Lastly, in terms of payroll, by now you should already know that if a worker requires direction of how, when, where and what to do on the job, they are an employee that receives a W-2 with all income, social security and Medicare tax withheld. However, if the job will be done independently, your worker will receive a 1099 that is not subject to income tax and that worker will have to pay self-employment tax.
2. Non-delegable Duties
Independent contractors don’t assume legal responsibility to maintain a safe workplace or the safety of your employees. As a business owner, that task is solely your own. If a guard for a security service was hired as an independent contractor and failed to protect an employee from workplace violence at the hands of another employee, it is highly unlikely that you would avoid liability and be able to defend your business successfully.
3. Negligent Hiring
As a business owner, you also have a duty to screen independent contractors carefully. Don’t make the mistake of overlooking this small detail. Say you fail to call references or perform a thorough background check, and your newly-hired office clerk, classified as a 1099 worker, happens to have a history of violent behavior and injures one of your clients in the office. The hiring party (aka you) may be held liable for failure to practice care and discretion in the choosing of a “competent and careful” independent contractor.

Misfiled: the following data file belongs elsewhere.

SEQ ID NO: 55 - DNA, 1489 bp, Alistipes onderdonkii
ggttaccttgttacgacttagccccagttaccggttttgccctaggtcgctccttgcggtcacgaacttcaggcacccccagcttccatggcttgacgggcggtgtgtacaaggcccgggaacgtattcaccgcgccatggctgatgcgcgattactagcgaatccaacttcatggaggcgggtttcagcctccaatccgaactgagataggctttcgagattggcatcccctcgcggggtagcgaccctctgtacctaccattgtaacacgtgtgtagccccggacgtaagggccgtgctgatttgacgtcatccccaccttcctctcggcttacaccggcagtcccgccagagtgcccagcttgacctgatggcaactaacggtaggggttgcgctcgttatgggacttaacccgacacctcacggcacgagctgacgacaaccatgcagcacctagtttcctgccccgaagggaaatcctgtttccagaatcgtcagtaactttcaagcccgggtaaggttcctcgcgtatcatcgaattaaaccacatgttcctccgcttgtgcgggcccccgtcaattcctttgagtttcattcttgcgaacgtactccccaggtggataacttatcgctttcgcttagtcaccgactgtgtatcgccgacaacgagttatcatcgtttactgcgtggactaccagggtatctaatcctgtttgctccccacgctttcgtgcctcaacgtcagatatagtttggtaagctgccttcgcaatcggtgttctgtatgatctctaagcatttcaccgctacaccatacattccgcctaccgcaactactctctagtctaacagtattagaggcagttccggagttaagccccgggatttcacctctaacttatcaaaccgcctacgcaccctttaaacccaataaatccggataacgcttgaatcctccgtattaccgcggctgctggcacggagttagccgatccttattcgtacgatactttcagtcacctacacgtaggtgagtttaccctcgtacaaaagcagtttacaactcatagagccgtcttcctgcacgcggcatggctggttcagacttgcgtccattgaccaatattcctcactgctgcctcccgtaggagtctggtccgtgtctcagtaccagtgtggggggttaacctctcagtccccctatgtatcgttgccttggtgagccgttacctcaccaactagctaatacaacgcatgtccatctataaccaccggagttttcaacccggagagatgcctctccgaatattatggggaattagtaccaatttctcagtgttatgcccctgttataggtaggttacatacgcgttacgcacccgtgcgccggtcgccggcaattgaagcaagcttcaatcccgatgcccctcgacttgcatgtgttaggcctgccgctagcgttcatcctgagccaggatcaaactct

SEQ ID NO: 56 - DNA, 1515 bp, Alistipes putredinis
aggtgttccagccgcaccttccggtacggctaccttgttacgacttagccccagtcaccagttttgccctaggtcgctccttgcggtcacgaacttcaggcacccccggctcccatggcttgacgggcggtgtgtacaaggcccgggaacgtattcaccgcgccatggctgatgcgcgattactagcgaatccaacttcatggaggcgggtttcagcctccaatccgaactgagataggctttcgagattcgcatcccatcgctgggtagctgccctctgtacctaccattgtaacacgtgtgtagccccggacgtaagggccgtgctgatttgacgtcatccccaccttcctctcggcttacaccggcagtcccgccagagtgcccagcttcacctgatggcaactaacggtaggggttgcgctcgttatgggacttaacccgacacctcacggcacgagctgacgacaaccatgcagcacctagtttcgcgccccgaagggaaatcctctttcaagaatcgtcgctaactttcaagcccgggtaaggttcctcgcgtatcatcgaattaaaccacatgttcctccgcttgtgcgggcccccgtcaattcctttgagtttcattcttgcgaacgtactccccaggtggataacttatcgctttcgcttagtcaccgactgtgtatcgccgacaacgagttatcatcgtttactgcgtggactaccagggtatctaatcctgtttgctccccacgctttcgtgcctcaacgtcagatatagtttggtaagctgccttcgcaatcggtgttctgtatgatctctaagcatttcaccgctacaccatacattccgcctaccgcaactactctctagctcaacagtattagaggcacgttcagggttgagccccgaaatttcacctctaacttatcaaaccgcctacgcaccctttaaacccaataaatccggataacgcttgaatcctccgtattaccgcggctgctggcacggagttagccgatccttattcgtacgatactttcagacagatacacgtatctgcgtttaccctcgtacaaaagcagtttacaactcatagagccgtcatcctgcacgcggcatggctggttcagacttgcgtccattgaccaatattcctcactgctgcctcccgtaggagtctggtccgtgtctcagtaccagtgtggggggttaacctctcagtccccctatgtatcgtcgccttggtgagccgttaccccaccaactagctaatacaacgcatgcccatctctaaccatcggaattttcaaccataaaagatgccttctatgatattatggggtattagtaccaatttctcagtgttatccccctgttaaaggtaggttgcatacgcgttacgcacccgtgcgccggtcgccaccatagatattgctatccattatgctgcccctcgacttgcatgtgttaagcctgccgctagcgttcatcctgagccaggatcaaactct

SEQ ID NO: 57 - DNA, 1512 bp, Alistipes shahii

The Bottom Line
Any of the above can get you slapped with a lawsuit quicker than you can say, “I still owe Frank that dollar.” I’m not saying independent contractors shouldn’t be trusted; they aren’t better or worse than regular employees. I am saying, however, that as an employer you must take some extra precautions. First and foremost, you must absolutely classify your workers properly and then ensure compliance is being followed. Clearly communicating job expectations and type of work performed to all workers is key. While tedious and time-consuming, conducting regular audits often and thoroughly will also save you in the long run.